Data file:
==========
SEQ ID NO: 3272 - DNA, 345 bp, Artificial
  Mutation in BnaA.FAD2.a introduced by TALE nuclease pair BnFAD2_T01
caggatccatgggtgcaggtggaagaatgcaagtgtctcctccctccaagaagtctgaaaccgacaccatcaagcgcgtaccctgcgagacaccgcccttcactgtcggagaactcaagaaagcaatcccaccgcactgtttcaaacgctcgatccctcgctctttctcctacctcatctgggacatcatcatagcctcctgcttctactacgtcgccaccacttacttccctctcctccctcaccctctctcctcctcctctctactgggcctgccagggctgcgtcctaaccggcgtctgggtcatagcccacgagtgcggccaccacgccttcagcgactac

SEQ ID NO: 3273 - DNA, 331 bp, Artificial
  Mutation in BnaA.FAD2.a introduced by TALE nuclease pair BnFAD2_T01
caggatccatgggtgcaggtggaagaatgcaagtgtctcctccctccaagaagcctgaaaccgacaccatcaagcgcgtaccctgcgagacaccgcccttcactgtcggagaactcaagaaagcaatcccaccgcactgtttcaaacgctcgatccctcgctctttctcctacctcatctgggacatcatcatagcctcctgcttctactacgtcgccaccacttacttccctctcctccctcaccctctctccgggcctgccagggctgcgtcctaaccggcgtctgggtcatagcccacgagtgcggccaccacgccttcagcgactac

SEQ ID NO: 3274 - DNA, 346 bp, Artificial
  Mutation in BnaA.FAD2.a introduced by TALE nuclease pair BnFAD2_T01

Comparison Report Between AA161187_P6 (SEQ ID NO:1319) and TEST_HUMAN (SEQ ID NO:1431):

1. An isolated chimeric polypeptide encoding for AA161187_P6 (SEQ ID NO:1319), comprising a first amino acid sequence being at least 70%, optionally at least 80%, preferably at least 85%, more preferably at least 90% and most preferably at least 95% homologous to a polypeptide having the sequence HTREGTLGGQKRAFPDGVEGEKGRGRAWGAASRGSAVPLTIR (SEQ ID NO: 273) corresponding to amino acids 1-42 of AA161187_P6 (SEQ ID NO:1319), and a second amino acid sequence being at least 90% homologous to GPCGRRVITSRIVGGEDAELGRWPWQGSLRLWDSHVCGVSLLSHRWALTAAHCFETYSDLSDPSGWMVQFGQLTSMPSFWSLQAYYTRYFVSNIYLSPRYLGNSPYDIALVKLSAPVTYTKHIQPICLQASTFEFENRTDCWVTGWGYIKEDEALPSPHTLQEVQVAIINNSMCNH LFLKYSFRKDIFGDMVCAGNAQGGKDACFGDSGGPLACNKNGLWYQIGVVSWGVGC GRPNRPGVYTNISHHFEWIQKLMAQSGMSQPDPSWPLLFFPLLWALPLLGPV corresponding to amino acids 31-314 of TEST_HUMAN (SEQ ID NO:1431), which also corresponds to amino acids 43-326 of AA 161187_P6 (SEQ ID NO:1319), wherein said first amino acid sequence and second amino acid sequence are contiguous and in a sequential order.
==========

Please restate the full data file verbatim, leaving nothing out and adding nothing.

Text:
SEQ ID NO: 3272 - DNA, 345 bp, Artificial
  Mutation in BnaA.FAD2.a introduced by TALE nuclease pair BnFAD2_T01
caggatccatgggtgcaggtggaagaatgcaagtgtctcctccctccaagaagtctgaaaccgacaccatcaagcgcgtaccctgcgagacaccgcccttcactgtcggagaactcaagaaagcaatcccaccgcactgtttcaaacgctcgatccctcgctctttctcctacctcatctgggacatcatcatagcctcctgcttctactacgtcgccaccacttacttccctctcctccctcaccctctctcctcctcctctctactgggcctgccagggctgcgtcctaaccggcgtctgggtcatagcccacgagtgcggccaccacgccttcagcgactac

SEQ ID NO: 3273 - DNA, 331 bp, Artificial
  Mutation in BnaA.FAD2.a introduced by TALE nuclease pair BnFAD2_T01
caggatccatgggtgcaggtggaagaatgcaagtgtctcctccctccaagaagcctgaaaccgacaccatcaagcgcgtaccctgcgagacaccgcccttcactgtcggagaactcaagaaagcaatcccaccgcactgtttcaaacgctcgatccctcgctctttctcctacctcatctgggacatcatcatagcctcctgcttctactacgtcgccaccacttacttccctctcctccctcaccctctctccgggcctgccagggctgcgtcctaaccggcgtctgggtcatagcccacgagtgcggccaccacgccttcagcgactac

SEQ ID NO: 3274 - DNA, 346 bp, Artificial
  Mutation in BnaA.FAD2.a introduced by TALE nuclease pair BnFAD2_T01

Comparison Report Between AA161187_P6 (SEQ ID NO:1319) and TEST_HUMAN (SEQ ID NO:1431):

1. An isolated chimeric polypeptide encoding for AA161187_P6 (SEQ ID NO:1319), comprising a first amino acid sequence being at least 70%, optionally at least 80%, preferably at least 85%, more preferably at least 90% and most preferably at least 95% homologous to a polypeptide having the sequence HTREGTLGGQKRAFPDGVEGEKGRGRAWGAASRGSAVPLTIR (SEQ ID NO: 273) corresponding to amino acids 1-42 of AA161187_P6 (SEQ ID NO:1319), and a second amino acid sequence being at least 90% homologous to GPCGRRVITSRIVGGEDAELGRWPWQGSLRLWDSHVCGVSLLSHRWALTAAHCFETYSDLSDPSGWMVQFGQLTSMPSFWSLQAYYTRYFVSNIYLSPRYLGNSPYDIALVKLSAPVTYTKHIQPICLQASTFEFENRTDCWVTGWGYIKEDEALPSPHTLQEVQVAIINNSMCNH LFLKYSFRKDIFGDMVCAGNAQGGKDACFGDSGGPLACNKNGLWYQIGVVSWGVGC GRPNRPGVYTNISHHFEWIQKLMAQSGMSQPDPSWPLLFFPLLWALPLLGPV corresponding to amino acids 31-314 of TEST_HUMAN (SEQ ID NO:1431), which also corresponds to amino acids 43-326 of AA 161187_P6 (SEQ ID NO:1319), wherein said first amino acid sequence and second amino acid sequence are contiguous and in a sequential order.